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Congress is in recess through the mid-term elections. Read the Daily Deduction each Monday until then.
Apple’s new products might not bend, but its tax deals are under some pressure. Later today, the European Union’s European Commission is expected to release its opening decision on Apple’s 1991 and 2007 deals with the Irish government: They amounted to illegal state aid. Apple will have 30 days to respond. Apple itself isn’t under investigation, but the company might be required to return any unpaid taxes.
Corporate inversions: Knowledge is power. Back at home, Treasury’s new rules to curb corporate inversions removed a level of uncertainty in the corporate world. Following Treasury’s announcement, some corporations may have started exploring their options. Take Illinois pharmaceutical AbbVie: Will it restructure its purchase of UK-based Shire in order to follow the new rule on using offshore cash? As TPC’s Howard Gleckman noted, now “the dealmakers have the roadmap they need to keep their inversions Kosher.”
For smokers in Arizona: The tax man cometh. From 2006 to 2012, smokers in Arizona could buy cigarettes online without paying the state’s use tax of 5.6 to 6.6 percent per pack and the state’s luxury tax of 10 cents a cigarette, or $20 per carton. After online cigarette sales became illegal in 2012, online companies had to provide customer lists and purchase data to the feds, who passed it on to states. Arizona is now looking to collect taxes from 30,000 Arizona smokers, whose tax bills range from hundreds of dollars to several thousand. Knowledge is power, and for Arizona, revenue.
Businesses’ personal property taxes: Wisconsin legislators want to nix ‘em; mayors want to keep ‘em. The tax is assessed on the property inside a building, and is paid by all businesses in Wisconsin. In 2013, the tax generated $11.8 million or 2.5 percent of the statewide tax base. A GOP-led legislative steering committee recommends eliminating the tax, but the state’s Legislative Fiscal Bureau estimates that doing so could force cash-strapped cities to raise residential property taxes by an average of 2 percentage points statewide, though some might bump up against local tax caps. That’s why mayors in the League of Wisconsin Municipalities’ Urban Alliance want the state to keep the business personal property tax.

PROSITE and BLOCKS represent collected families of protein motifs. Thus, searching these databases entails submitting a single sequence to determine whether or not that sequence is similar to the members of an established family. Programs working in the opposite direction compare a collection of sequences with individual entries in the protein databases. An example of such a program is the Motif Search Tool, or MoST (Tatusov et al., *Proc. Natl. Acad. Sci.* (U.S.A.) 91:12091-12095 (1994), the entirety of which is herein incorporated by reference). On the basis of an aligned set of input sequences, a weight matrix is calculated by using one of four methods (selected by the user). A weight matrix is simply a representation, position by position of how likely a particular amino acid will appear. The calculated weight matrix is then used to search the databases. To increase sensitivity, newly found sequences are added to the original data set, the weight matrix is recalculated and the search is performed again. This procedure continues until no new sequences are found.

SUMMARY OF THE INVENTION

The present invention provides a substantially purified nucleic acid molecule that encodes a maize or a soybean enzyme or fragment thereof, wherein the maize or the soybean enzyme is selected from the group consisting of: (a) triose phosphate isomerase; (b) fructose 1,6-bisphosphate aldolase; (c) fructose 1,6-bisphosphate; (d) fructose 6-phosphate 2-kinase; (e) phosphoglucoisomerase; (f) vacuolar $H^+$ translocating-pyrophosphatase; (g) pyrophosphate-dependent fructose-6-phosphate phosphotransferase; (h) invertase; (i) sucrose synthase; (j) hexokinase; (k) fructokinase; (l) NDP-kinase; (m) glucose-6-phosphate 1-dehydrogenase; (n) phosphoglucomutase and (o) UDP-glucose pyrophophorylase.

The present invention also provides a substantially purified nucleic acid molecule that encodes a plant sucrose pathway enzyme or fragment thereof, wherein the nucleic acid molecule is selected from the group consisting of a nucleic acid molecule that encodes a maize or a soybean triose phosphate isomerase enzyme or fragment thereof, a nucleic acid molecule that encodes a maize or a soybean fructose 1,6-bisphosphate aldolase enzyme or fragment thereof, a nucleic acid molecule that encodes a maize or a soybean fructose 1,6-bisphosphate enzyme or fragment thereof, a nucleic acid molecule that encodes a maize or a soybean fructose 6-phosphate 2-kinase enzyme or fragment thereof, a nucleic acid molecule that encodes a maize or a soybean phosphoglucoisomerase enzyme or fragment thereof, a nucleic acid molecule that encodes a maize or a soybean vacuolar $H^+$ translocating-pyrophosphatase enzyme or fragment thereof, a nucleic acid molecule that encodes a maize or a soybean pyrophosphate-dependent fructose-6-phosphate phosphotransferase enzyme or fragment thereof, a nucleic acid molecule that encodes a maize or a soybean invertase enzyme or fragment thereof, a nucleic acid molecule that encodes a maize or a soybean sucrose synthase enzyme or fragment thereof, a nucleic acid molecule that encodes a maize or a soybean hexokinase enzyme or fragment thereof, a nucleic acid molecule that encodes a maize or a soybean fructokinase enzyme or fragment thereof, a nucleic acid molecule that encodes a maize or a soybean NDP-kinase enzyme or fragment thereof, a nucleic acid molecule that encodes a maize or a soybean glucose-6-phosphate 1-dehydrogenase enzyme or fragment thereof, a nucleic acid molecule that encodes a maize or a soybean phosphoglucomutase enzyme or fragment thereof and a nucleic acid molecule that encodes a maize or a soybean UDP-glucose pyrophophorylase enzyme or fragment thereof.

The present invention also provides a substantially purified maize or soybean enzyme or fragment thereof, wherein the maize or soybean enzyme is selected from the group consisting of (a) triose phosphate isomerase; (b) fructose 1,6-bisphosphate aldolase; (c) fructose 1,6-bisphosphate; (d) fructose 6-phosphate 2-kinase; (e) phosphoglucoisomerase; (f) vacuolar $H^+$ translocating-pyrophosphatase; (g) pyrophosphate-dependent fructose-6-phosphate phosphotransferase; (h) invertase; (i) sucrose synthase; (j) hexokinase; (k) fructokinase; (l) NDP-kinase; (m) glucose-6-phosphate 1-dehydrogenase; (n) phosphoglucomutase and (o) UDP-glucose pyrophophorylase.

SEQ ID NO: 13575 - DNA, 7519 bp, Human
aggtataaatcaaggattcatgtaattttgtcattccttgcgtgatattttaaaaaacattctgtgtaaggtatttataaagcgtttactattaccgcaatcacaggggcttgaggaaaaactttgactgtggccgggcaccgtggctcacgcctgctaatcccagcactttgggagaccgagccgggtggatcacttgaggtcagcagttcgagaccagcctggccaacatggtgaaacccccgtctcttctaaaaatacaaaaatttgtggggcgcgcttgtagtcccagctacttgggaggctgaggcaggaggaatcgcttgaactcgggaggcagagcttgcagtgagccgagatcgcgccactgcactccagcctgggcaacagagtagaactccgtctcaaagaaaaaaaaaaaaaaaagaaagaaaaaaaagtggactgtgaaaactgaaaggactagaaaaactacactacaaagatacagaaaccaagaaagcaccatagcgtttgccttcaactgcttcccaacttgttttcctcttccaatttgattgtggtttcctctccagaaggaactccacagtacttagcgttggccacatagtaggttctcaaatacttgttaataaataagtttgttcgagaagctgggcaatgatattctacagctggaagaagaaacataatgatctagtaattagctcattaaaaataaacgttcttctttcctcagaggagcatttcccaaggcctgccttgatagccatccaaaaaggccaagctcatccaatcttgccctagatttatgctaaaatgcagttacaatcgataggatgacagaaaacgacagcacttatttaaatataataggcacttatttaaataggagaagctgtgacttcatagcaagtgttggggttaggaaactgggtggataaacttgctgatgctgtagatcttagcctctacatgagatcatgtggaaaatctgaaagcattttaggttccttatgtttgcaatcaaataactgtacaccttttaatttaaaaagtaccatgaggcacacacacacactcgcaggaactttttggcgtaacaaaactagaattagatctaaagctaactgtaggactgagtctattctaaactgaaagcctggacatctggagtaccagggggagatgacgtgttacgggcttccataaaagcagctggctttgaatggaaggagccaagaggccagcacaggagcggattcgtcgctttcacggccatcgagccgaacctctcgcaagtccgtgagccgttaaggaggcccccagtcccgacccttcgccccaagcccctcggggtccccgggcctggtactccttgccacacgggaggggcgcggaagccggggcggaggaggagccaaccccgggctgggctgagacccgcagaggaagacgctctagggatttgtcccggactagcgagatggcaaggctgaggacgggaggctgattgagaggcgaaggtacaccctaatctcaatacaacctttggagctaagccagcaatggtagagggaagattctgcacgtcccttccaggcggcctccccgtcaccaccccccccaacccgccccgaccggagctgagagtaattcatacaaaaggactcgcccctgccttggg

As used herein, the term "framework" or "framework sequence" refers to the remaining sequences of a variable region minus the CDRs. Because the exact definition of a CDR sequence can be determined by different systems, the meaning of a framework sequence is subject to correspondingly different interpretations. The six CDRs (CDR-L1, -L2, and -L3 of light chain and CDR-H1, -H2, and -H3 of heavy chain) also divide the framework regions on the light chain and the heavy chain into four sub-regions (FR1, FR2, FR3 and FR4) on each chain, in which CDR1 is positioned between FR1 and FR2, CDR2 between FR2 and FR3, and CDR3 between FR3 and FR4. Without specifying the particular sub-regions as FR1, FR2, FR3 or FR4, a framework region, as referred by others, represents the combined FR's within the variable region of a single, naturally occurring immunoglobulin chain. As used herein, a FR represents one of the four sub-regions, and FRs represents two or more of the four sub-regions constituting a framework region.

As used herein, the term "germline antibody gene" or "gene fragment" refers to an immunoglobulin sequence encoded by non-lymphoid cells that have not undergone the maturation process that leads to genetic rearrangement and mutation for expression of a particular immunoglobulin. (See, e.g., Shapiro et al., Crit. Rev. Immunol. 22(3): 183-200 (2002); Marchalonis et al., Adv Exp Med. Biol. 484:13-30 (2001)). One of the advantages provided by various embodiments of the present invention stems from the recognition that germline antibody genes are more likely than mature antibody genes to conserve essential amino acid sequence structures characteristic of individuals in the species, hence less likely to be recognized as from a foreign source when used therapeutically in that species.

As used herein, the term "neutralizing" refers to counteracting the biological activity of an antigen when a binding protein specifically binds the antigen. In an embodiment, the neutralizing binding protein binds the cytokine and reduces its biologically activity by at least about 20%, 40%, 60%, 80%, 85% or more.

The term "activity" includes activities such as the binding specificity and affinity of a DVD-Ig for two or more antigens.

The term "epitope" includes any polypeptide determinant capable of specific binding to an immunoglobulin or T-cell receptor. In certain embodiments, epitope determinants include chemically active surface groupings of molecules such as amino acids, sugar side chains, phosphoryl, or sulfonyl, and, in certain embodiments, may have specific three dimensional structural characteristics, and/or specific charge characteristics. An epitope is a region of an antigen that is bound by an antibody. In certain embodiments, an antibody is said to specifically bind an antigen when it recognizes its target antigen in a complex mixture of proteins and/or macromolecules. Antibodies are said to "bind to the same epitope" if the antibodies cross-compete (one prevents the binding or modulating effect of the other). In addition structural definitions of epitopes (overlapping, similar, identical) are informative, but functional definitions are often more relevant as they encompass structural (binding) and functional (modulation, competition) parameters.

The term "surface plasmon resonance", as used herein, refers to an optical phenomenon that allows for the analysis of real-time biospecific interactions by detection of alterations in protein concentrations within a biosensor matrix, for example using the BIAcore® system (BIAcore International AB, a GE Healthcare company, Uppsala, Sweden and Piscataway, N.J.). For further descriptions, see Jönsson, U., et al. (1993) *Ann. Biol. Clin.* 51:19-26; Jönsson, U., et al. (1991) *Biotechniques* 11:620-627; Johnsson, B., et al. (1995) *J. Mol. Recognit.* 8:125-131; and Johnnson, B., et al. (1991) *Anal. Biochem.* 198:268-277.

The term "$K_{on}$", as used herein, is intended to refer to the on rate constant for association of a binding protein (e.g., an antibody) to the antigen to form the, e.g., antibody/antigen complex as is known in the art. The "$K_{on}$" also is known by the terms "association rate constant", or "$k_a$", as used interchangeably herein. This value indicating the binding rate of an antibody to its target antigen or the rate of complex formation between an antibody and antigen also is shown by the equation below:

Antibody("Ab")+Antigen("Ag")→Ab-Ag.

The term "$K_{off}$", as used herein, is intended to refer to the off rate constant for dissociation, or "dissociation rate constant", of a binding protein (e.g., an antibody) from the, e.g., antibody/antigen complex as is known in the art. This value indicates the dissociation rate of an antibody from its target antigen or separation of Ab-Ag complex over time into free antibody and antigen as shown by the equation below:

For the GOP in Congress: Mum’s the word on tax cuts, but yes to reform? GOP congressmen seem to be singing a new tune. Iowa Senator Chuck Grassley says constituents aren’t talking about tax cuts. Oklahoma Representative Tom Cole says people are concerned with what is “fair and necessary.” California Representative John Campbell—of both the Republican Study Committee and the House Budget Committee—says tax cuts are “not a panacea,” as recently demonstrated. Perhaps House Ways & Means Committee Chairman Dave Camp’s tax reform plan has been instructive, if not fully embraced.
No free pass for Ryan to Ways & Means Chair. Texas Republican Kevin Brady will challenge Budget Committee chair Paul Ryan for the chairmanship of the House Ways & Means Committee. Brady’s move may force Ryan to choose between running for the Ways & Means post and his national ambitions. The Texan joins those other Hill Republicans in saying that tax reform will be a top priority. The lawmakers are vying to replace retiring chair Dave Camp, whose own tax reform plan got a “blah, blah, blah” response from House Speaker John Boehner earlier this year.
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Posts and comments are solely the opinion of the author and not that of the Tax Policy Center, Urban Institute, or Brookings Institution.